"I think so gentlemen, as his promotion is to Colonel in command of this regiment and he knows that his career will be in ruins if he uses the gutter sweepings that are all that remain in Hesse after the formation of the rest of the contingent"

"It certainly seems worth considering"

"Yes, and the price is quite reasonable"

"Why not indeed"

Gentlemen shall I ask the muster-master to see if this request is feasible within our current resources and the time available?"

Chorus of "Ja"

Thursday, 18 June 2009

Battle of Slava Crossing #2

Here, from a local source, is an image showing the charge of the Lowenstein Cuirassiers.

It shows the situation just as they crested the hill in the centre of the battlefield.

Tuesday, 16 June 2009

Battle of the Slava crossing

(xxx-1683) Report from Colonel Sturm to the Stadtrat.

We awoke early to news from our pickets that the Ottomans had crossed the river Slava. This was dire news as so far the area of Austria in which we were moving had been spared from the depredations of the Turks. Our forces rapidly mustered, our one chance was to defeat the enemy before their whole force had crossed the river.

We approached to find a substantial body of the foe across the river, but still not in sufficient number so General Kratz ordered an immediate attack. On our left were two regiments of Austrian cuirassiers ten our brigade of foot our regiment and two Austrian regiments. In the centre was out main thrust of three regiments of cavalry drawn up in succession of lines on the right was another Austrian infantry brigade.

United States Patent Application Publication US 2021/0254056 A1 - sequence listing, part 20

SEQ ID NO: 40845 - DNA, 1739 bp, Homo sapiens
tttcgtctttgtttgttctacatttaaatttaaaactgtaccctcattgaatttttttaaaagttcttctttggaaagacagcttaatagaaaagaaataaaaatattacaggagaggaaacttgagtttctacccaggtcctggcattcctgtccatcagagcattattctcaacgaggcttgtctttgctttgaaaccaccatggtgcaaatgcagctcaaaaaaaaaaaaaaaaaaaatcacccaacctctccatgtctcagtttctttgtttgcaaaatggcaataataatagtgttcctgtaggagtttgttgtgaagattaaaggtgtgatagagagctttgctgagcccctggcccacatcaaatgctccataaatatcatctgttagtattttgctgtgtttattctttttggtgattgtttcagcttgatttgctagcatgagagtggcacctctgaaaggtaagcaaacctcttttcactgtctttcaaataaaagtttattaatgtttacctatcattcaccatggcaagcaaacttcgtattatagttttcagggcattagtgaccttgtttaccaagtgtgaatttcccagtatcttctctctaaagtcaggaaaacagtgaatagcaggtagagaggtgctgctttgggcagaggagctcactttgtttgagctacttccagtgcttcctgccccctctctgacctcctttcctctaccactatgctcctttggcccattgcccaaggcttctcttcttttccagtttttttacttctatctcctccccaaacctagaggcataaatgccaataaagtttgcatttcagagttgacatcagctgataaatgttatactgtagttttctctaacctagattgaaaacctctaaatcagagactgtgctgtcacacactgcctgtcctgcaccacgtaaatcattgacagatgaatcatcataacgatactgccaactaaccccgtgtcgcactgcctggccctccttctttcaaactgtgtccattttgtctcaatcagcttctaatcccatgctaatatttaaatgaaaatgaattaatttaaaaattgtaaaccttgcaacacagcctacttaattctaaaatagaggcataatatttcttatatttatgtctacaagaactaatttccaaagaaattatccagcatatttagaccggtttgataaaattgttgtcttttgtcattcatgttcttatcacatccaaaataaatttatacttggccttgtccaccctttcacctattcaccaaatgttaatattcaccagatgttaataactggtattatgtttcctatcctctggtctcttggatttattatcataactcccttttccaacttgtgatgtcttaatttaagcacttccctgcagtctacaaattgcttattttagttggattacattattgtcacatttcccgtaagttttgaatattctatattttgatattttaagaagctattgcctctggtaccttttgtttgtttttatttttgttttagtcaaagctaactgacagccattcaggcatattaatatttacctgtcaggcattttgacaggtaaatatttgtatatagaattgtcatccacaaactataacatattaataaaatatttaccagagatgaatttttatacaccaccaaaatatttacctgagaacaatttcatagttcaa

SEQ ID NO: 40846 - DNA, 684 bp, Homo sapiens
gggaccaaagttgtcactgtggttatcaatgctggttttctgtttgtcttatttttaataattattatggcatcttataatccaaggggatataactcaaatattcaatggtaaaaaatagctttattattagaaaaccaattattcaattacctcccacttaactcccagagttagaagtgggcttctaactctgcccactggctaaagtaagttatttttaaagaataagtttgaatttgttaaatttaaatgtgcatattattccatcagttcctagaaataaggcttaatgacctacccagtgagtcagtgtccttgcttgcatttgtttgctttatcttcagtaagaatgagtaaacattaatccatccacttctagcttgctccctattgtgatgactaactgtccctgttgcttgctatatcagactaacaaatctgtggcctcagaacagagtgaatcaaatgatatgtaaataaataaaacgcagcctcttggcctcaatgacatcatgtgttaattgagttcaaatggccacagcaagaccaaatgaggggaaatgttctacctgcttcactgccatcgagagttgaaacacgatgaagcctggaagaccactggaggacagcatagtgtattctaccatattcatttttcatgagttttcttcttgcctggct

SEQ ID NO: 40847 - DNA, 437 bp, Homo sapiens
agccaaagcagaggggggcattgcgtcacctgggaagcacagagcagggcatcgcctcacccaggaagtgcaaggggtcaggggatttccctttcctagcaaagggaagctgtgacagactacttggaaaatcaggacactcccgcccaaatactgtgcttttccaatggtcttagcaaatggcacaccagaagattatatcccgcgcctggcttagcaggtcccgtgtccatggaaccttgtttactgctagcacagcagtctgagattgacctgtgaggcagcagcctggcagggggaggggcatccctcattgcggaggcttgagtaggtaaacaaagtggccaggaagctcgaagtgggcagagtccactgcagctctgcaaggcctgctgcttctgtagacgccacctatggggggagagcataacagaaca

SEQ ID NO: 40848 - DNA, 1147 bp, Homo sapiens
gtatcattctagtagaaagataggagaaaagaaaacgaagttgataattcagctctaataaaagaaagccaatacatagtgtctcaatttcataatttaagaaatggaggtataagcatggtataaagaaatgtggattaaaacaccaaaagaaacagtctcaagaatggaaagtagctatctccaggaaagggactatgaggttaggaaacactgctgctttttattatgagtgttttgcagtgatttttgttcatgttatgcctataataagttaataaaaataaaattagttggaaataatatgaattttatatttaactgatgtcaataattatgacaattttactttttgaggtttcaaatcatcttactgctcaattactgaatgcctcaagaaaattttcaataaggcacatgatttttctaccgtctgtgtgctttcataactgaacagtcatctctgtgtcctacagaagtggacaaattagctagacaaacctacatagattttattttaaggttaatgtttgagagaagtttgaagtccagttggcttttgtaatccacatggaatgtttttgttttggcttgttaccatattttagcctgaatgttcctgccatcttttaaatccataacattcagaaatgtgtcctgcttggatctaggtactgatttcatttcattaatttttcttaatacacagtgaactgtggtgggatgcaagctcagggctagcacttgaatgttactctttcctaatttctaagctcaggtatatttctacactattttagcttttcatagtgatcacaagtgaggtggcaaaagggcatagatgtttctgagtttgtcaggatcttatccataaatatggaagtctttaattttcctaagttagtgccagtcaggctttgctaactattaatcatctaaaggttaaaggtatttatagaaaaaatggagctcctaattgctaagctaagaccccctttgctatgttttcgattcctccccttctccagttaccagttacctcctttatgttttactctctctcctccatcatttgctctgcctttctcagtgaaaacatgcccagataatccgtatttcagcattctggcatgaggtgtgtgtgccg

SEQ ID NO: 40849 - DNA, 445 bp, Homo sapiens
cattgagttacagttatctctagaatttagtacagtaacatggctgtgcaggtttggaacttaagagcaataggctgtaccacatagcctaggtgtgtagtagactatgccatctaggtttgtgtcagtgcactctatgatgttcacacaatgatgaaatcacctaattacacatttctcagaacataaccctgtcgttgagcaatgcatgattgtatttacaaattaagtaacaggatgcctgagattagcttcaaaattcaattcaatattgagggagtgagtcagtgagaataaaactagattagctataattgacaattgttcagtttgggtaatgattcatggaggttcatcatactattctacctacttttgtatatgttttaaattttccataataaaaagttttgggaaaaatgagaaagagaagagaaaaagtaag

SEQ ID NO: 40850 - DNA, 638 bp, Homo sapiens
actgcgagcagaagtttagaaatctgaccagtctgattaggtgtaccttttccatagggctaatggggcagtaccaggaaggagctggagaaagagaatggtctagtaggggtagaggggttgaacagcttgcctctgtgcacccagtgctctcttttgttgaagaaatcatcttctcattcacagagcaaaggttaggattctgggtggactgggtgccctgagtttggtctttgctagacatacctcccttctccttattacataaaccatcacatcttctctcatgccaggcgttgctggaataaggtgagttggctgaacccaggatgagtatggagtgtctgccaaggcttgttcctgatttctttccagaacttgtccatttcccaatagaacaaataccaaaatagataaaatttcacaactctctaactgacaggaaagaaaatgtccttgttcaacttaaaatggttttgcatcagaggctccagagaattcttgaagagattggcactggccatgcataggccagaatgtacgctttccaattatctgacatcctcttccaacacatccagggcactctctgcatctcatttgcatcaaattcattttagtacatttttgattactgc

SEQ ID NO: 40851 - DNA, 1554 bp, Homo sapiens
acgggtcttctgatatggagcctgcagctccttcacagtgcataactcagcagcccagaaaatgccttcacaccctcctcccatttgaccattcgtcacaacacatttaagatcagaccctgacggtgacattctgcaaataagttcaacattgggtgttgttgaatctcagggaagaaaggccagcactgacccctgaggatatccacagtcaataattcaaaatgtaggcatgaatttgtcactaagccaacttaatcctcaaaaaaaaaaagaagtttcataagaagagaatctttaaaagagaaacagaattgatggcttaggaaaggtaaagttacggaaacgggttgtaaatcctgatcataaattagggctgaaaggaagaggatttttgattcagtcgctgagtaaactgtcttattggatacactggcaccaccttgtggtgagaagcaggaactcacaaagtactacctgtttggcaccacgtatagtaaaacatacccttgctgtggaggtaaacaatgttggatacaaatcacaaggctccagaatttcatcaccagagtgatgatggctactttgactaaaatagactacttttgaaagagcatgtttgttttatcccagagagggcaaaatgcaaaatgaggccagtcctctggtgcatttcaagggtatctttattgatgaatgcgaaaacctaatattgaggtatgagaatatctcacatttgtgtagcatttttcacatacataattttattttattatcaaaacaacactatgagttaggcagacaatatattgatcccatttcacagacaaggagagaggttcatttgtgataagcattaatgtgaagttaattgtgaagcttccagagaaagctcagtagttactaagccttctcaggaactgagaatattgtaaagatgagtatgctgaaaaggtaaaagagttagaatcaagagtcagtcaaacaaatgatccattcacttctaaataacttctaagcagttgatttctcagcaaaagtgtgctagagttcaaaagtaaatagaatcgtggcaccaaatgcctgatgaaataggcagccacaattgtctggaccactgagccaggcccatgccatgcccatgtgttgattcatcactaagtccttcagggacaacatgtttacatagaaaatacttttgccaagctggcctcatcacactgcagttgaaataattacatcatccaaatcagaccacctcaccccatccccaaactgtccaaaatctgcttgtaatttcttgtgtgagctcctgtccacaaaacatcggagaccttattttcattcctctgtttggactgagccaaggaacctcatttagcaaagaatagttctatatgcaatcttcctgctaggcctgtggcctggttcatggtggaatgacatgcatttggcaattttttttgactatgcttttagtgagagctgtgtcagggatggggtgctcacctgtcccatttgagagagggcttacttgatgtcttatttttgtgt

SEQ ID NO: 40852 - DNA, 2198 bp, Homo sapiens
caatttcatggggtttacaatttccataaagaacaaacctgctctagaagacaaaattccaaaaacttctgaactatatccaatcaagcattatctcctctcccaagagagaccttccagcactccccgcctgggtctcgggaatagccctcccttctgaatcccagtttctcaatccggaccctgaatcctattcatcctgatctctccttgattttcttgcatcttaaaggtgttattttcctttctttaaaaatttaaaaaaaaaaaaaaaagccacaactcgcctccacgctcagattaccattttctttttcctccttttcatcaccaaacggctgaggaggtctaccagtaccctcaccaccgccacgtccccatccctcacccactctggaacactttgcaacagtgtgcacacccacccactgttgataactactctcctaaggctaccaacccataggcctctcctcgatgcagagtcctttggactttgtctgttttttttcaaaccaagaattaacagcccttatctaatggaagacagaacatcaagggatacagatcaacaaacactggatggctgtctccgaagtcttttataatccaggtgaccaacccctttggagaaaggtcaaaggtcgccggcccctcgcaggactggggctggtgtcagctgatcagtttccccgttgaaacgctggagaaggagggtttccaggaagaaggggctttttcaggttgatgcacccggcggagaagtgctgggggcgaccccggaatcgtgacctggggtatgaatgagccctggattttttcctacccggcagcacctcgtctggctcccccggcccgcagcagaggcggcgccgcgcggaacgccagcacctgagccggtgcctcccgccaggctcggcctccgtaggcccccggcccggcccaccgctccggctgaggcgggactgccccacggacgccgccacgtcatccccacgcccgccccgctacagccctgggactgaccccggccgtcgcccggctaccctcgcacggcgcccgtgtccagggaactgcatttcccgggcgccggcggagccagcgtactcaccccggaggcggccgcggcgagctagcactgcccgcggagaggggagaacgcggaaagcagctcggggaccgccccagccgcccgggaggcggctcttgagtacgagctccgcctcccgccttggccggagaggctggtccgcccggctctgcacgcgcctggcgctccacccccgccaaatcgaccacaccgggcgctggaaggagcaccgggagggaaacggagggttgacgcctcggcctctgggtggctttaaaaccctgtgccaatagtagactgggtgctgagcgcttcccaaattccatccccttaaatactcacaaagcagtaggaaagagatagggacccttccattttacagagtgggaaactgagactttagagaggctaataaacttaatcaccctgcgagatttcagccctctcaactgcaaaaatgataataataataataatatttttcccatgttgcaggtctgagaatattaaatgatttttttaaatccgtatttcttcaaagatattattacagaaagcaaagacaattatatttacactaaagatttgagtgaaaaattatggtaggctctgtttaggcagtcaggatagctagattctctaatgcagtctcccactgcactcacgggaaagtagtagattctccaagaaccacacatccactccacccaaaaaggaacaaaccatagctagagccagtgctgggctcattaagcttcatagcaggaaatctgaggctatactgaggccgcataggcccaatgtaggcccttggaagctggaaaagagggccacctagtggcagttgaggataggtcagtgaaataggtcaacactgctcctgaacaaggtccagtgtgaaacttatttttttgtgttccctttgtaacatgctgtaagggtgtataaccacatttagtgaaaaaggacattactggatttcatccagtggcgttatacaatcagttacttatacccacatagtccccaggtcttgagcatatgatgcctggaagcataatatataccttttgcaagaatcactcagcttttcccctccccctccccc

The Ottomans had almost reached a hill in their centre and covered the gap between it and a marsh with a regiment of Janissaries and another of Azabs. behind them were Light horse and Sipahis. On their left were just a another unit of light horse back up by more sipahis In addition more light cavalry could be seen crossing the bridge. Out artillery was positioned on the nearby hills to provide supporting fire but the Ottomans had positioned their guns to provide flanking fire from the opposite river bank.

Our force steadily advanced and the first clash occur ed between the leading Austrian dragoons and the enemy light cavalry, as expected these were routed easily, but the enemy sipahis then charged the dragoons routing them in turn, pursuing them into the gap between our centre and the right flank infantry.

This was the crisis, but the enemy had sent their right flank cavalry round the marsh to extend their line and the newly arrived light cavalry had done the same on the right. However a regiment of delis had crossed the river and was heading for the central hill.

Colonel Lowenstein then grasped the opportunity and leaving the sipahis to be deal with by the following dragoons led his men over the central hill and into the midst of the enemy.

The dragoons and infantry dealt with the sipahis before they could reach our gun line. meanwhile breasting the hill before the enemy Colonel Lowenstein saw a great target ahead the Delis were still advancing in column and the Janissaries had their flank exposed as they faced the approach of or infantry. "Vorwarts" cried Colonel Lowenstein and his men surged forward in a determined mass, causing the Jannisaries to rout, but the fanatical Delis were a bigger problem and the charge became a maelstrom of hard fought actions.